China’s ambitious geopolitical project ‘One Belt, One Road” (OBOR) is under scrutiny, after an investigation into a scandal-ridden Malaysia state investment fund revealed that Beijing was the mastermind behind the alleged corruption.
Beijing rolled out OBOR, also known as Belt and Road, in 2013, with the objective of building up trade routes linking China, Southeast Asia, Africa, Europe, and Latin America.
An investigation by the Wall Street Journal (WSJ) published on Jan. 7 revealed that senior Chinese officials in 2016 offered to bail out the heavily-indebted 1MDB, a Malaysian fund founded by former Malaysian prime minister Najib Razak, and tried to exert China’s influence in the United States and other countries to pressure them into dropping their corruption probes into the fund.
China’s bailout offer was negotiated by Malaysian businessman Jho Low at the request of Najib, according to WSJ. At the time, 1MDB could not repay the $13 billion it had borrowed.
Low is now a fugitive hiding in China, Malaysian officials told WSJ. In the United States and Malaysia, he is accused of criminal charges of orchestrating a money-laundering scheme to misappropriate funds taken from 1MDB.
The U.S. Department of Justice (DOJ) has estimated that a total of $4.5 billion was misappropriated by high-level 1MDB fund officials and their associates, according to a press release about the agency’s investigation. The DOJ has filed civil forfeiture complaints to recover the funds.
In exchange for bailing out the fund, Malaysia offered Chinese companies lucrative contracts, including the $16-billion East Coast Rail Link (ECRL) connecting a port at the Strait of Malacca to a town facing the South China Sea, and the $2.5-billion Trans Sabah Gas Pipeline (TSGP), running 662 kilometers (411 miles) in eastern the Sabah state. These were projects under OBOR.
The WSJ conducted its investigation based on interviews with current and former Malaysian officials, including a former official with the Najib administration, as well as official documents and minutes of meetings between Chinese and Malaysian officials.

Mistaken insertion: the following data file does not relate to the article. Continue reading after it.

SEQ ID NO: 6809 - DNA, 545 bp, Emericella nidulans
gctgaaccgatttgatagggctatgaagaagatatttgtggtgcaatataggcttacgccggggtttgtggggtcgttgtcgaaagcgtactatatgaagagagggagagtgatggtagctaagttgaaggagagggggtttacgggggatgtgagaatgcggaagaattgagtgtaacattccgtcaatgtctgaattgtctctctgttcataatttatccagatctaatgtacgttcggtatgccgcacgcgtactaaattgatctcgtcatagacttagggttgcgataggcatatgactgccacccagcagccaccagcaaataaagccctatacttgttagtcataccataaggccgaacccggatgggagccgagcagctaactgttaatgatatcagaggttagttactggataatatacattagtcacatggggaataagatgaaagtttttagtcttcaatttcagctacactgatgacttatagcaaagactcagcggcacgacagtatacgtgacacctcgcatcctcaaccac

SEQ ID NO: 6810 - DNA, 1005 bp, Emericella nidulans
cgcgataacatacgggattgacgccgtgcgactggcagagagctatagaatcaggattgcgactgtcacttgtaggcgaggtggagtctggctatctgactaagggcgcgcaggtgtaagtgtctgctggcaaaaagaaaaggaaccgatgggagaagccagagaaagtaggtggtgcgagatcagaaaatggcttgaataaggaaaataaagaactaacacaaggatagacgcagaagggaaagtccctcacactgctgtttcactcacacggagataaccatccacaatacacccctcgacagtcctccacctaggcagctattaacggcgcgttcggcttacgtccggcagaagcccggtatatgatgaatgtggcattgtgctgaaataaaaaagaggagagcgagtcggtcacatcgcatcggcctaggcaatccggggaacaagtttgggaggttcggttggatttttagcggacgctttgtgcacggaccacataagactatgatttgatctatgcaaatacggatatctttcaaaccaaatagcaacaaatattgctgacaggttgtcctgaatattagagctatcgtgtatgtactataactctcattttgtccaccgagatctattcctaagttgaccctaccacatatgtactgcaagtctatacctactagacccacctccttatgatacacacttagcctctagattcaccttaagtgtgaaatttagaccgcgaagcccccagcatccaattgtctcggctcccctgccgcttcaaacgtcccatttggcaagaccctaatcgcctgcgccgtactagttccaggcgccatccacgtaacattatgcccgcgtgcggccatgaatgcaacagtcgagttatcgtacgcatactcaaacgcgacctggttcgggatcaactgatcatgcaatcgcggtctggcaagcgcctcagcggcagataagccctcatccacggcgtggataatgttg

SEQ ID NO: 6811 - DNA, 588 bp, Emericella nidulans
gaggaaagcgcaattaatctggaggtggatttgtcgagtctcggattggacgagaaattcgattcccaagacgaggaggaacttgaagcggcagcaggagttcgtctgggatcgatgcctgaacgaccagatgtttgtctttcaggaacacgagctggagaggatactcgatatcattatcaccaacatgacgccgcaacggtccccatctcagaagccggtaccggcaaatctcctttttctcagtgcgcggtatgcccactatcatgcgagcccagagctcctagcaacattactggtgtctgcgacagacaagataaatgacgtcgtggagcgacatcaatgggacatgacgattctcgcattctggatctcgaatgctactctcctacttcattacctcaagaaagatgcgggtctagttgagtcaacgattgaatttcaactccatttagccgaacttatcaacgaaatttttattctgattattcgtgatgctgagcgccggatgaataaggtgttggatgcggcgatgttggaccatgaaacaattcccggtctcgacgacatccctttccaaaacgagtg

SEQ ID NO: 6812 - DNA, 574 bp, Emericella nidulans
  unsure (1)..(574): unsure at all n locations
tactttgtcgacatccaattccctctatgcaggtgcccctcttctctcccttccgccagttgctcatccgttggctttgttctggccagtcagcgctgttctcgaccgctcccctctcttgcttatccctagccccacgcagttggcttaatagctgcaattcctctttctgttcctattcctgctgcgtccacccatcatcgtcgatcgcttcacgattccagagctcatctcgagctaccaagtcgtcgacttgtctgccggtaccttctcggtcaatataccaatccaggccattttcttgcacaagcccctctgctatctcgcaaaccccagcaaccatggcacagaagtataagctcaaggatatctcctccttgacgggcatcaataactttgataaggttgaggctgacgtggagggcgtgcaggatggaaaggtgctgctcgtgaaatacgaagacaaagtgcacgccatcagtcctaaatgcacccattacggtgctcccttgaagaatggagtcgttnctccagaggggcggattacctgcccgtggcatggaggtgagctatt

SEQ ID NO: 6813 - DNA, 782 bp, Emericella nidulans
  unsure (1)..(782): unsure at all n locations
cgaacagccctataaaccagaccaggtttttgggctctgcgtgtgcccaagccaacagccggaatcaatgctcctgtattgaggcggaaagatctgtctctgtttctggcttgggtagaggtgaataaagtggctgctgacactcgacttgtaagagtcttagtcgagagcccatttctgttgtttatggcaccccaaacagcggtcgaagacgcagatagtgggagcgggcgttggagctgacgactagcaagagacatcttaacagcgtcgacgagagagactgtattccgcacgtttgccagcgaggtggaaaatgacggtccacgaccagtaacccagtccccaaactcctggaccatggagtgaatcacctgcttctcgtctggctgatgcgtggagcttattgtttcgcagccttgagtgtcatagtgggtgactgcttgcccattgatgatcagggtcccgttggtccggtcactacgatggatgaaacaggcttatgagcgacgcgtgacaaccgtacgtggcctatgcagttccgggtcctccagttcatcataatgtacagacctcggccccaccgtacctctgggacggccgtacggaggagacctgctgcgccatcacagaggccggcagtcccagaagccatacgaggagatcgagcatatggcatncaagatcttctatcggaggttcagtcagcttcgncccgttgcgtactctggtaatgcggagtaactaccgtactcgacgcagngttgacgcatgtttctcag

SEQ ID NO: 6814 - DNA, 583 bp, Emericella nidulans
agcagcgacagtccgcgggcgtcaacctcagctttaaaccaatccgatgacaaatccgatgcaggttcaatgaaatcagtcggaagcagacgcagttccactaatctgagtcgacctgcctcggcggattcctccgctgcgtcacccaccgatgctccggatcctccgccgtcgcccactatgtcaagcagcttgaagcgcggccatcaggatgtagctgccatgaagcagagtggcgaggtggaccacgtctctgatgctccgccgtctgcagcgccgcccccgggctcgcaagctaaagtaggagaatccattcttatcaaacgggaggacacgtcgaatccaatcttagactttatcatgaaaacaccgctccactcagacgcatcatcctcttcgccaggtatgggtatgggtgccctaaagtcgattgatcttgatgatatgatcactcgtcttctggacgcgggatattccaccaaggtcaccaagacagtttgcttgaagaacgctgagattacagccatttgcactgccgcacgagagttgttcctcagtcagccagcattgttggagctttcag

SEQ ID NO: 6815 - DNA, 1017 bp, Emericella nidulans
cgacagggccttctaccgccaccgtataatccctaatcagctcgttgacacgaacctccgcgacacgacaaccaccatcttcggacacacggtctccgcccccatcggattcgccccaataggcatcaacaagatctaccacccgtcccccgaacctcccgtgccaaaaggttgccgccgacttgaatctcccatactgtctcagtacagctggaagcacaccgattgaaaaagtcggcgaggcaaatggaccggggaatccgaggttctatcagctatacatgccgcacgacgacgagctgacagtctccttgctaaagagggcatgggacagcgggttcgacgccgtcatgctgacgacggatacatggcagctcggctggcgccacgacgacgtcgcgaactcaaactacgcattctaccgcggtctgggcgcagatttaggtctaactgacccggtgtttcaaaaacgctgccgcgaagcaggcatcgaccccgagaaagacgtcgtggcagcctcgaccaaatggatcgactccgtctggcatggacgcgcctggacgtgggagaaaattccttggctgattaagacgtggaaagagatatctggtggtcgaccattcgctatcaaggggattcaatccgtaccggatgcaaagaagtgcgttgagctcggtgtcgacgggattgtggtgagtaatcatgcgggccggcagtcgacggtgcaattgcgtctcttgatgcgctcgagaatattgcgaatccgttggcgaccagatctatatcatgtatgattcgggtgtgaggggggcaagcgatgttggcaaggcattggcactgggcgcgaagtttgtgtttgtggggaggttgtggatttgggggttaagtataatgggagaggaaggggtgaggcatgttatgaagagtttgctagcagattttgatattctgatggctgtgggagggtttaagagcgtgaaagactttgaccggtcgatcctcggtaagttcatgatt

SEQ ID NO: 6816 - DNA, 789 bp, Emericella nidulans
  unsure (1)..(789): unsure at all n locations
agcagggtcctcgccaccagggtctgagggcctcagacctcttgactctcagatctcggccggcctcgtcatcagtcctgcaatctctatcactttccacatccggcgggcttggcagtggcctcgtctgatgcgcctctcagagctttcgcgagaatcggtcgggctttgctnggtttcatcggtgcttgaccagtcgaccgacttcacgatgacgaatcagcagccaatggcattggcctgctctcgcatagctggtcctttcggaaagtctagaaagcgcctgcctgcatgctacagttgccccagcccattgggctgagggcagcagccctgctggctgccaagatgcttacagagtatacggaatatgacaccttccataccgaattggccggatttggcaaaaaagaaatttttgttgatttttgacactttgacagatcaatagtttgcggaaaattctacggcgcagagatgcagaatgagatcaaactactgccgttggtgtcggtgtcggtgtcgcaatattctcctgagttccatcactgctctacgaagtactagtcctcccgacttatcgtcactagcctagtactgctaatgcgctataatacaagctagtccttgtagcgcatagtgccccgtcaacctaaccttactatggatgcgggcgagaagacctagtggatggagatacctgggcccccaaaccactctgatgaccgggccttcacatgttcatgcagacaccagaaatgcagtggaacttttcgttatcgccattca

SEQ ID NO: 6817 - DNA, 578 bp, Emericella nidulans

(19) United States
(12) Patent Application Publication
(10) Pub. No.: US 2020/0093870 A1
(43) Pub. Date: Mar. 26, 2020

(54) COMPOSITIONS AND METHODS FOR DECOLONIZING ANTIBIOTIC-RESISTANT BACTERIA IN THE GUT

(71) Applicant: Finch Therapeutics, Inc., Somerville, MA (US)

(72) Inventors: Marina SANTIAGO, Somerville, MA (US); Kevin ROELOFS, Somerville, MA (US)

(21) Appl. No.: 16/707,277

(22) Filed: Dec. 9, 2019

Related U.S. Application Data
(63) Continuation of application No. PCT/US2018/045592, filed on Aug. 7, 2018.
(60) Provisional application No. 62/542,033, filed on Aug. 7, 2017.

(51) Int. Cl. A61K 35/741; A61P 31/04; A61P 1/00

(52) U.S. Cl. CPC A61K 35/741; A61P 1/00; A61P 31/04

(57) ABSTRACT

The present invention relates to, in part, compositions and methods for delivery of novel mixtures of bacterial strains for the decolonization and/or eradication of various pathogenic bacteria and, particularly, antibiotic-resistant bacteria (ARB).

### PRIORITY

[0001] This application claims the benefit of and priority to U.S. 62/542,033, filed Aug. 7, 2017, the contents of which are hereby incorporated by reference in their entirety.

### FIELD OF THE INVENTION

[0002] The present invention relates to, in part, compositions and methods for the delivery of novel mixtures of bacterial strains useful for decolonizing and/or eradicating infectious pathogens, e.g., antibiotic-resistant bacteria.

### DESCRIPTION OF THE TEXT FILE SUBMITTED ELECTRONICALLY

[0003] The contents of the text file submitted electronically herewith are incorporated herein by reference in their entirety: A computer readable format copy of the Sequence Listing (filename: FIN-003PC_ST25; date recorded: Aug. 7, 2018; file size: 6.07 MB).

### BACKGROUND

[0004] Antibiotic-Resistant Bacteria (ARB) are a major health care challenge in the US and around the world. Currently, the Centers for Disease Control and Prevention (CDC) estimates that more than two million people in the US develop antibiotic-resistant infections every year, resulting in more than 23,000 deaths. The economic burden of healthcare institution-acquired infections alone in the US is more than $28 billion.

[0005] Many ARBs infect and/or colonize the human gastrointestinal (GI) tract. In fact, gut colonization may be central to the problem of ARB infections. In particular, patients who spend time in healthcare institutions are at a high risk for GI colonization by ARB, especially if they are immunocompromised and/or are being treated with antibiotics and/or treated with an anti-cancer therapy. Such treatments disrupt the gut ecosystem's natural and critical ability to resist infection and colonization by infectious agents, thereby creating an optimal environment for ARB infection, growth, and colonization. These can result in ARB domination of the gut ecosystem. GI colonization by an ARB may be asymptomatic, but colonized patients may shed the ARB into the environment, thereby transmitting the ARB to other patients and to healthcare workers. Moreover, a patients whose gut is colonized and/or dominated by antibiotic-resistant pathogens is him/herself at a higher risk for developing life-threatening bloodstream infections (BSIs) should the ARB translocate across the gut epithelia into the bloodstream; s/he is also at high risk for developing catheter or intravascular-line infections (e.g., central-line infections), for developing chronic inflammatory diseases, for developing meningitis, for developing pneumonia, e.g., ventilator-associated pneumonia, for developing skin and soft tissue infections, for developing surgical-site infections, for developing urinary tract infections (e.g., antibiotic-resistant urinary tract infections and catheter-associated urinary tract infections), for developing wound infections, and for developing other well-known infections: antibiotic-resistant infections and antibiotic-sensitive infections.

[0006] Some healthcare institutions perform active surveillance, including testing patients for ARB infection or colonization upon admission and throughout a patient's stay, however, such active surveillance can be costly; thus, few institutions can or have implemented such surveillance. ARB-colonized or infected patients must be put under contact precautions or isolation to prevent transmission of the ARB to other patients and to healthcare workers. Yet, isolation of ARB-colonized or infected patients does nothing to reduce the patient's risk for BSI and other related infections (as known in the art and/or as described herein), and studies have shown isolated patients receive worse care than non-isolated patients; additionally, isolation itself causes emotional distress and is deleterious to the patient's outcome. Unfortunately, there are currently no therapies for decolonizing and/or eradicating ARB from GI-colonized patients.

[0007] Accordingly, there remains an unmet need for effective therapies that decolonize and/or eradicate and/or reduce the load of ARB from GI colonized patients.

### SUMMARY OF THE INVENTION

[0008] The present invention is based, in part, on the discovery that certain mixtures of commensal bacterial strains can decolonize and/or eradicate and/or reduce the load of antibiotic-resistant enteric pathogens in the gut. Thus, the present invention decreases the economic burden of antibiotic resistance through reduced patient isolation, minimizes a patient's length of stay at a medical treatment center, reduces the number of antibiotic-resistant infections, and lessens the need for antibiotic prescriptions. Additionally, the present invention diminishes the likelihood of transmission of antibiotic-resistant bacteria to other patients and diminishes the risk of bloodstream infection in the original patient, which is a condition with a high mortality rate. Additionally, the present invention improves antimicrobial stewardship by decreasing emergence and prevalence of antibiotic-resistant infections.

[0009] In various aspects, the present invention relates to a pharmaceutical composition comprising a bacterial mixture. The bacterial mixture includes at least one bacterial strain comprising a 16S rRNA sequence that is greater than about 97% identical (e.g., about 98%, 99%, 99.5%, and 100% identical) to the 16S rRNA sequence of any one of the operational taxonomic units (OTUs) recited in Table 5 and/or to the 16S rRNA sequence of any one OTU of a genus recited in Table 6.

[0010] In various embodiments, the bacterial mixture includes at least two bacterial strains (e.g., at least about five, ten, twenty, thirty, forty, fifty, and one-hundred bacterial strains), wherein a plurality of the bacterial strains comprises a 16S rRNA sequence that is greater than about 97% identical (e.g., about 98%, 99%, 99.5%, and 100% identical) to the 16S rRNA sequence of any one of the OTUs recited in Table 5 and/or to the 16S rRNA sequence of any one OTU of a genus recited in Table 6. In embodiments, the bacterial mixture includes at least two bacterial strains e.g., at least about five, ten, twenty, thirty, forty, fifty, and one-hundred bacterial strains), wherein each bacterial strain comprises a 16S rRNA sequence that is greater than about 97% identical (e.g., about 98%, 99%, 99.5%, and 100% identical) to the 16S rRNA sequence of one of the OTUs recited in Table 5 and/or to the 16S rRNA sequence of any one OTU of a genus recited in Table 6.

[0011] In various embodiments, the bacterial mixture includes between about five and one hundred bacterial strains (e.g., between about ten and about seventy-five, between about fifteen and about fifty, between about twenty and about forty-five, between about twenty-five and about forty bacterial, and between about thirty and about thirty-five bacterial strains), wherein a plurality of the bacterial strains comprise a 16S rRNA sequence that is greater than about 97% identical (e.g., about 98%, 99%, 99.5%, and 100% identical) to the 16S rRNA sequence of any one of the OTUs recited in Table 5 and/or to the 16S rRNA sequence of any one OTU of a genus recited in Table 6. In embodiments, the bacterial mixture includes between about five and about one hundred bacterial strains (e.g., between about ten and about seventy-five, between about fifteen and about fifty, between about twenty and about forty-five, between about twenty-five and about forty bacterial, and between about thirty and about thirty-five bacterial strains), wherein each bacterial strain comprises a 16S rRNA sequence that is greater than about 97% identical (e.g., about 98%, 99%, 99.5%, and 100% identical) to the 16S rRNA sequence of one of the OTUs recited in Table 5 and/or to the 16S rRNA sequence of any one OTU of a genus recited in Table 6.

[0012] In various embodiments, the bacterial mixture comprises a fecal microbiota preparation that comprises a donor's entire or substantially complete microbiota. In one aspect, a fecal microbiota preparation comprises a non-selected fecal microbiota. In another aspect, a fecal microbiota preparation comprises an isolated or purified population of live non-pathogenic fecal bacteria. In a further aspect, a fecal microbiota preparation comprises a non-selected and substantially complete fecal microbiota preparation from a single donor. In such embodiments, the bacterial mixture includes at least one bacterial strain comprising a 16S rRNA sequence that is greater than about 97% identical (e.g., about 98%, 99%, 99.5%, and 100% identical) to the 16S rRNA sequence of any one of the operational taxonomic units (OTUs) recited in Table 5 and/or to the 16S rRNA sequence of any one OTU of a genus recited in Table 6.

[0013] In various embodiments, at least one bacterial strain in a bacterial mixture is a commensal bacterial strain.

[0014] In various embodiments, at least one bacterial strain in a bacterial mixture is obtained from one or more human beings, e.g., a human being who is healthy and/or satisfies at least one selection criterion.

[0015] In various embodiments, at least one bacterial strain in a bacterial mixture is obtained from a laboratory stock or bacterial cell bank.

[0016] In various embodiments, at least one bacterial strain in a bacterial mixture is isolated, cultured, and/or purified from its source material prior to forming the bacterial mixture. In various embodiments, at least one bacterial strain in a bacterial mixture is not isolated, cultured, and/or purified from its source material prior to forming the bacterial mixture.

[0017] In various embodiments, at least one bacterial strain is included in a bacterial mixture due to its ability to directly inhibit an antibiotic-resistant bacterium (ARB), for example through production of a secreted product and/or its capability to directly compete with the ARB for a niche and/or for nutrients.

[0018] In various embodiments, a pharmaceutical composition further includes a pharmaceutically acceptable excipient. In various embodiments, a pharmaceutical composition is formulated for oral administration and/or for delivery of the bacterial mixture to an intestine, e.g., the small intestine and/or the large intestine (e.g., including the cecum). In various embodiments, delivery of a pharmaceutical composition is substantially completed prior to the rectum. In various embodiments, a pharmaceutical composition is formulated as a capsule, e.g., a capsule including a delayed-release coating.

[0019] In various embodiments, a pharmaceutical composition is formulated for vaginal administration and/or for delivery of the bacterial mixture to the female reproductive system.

An unnamed Malaysian official stated that the ECRL should have cost only $7.25 billion, citing an estimate by an unnamed Malaysian consultancy.
The 1MDB scandal was a big factor in Najib getting ousted during general elections in May 2018, which saw the return of Mahathir Mohamad as prime minister. Mahathir first served from 1976 to 1981.
Najib has since been charged on corruption charges related to 1MDB. He has pleaded not guilty and has consistently denied wrongdoing.
In August last year, Mahathir announced—while on an official visit to China—that he would cancel the ECRL and TSGP projects, a show of defiance against China’s influence. He had said the country’s top priority was to minimize debt and loans.
At a press conference on Jan. 10, Mahathir stated that he did not have in possession the documents obtained by the Wall Street Journal.
“We need to find this document and make use of the document as proof that this thing actually happened,” Mahathir said.
According to the WSJ, one of the Chinese officials present during negotiations with Malaysian officials was Sun Lijun. According to Chinese state-run media, Sun currently holds multiple positions: one of the vice ministers of China’s Ministry of Public Security, a police agency; director of the Domestic Security Defense bureau; and director of the Hong Kong and Macau Affairs Office, an administrative agency under the cabinet-like State Council.
It was Sun who promised to use China’s “leverage on other nations” to stop other governments from probing 1MDB, though the promise never materialized.
Sun also tried to stop WSJ’s investigation. According to meeting minutes, Sun confirmed to Malaysian officials that Chinese surveillance, including full-scale residence and office tapping, and computer and phone data retrieval, at the Wall Street Journal’s offices in Hong Kong. According to an unnamed Malaysian official, the surveillance was carried out at Malaysia’s request.
The revelation that China was spying on foreign journalists in Hong Kong has caused alarm about the erosion of press freedom.
Bruce Lui, a senior journalism lecturer at the University of Hong Kong, said the incident reflected how the Chinese Communist Party (CCP) viewed the media, in a Jan. 8 interview with Radio Free Asia.
“It is totally normal for the mainland authorities … to monitor journalists, to obstruct their work, and to hide [things] from them,” Lui said, adding that the incident is an example of “one country” trumping “two systems.”
Currently, Hong Kong is governed by the principle of “one country, two systems” that allows the special administrative region a high degree of autonomy and freedoms that are not granted in mainland China. However, since 1997, when the city under British colonial rule was handed over to Chinese sovereignty, Hong Kong has seen greater political intrusion from Beijing.
Lam Cheuk-ting, a Hong Kong legislator, said that if the surveillance claims are true, it could be a criminal act under Hong Kong law, according to a Jan. 8 article by Hong Kong daily newspaper Apple Daily.
Chris Yeung, chairperson of Hong Kong Journalists Association, is worried that if such surveillance is allowed to happen again, “it will have a negative impact on Hong Kong’s press freedom and international image,” he told Hong Kong non-profit online newspaper Hong Kong Free Press on Jan. 9.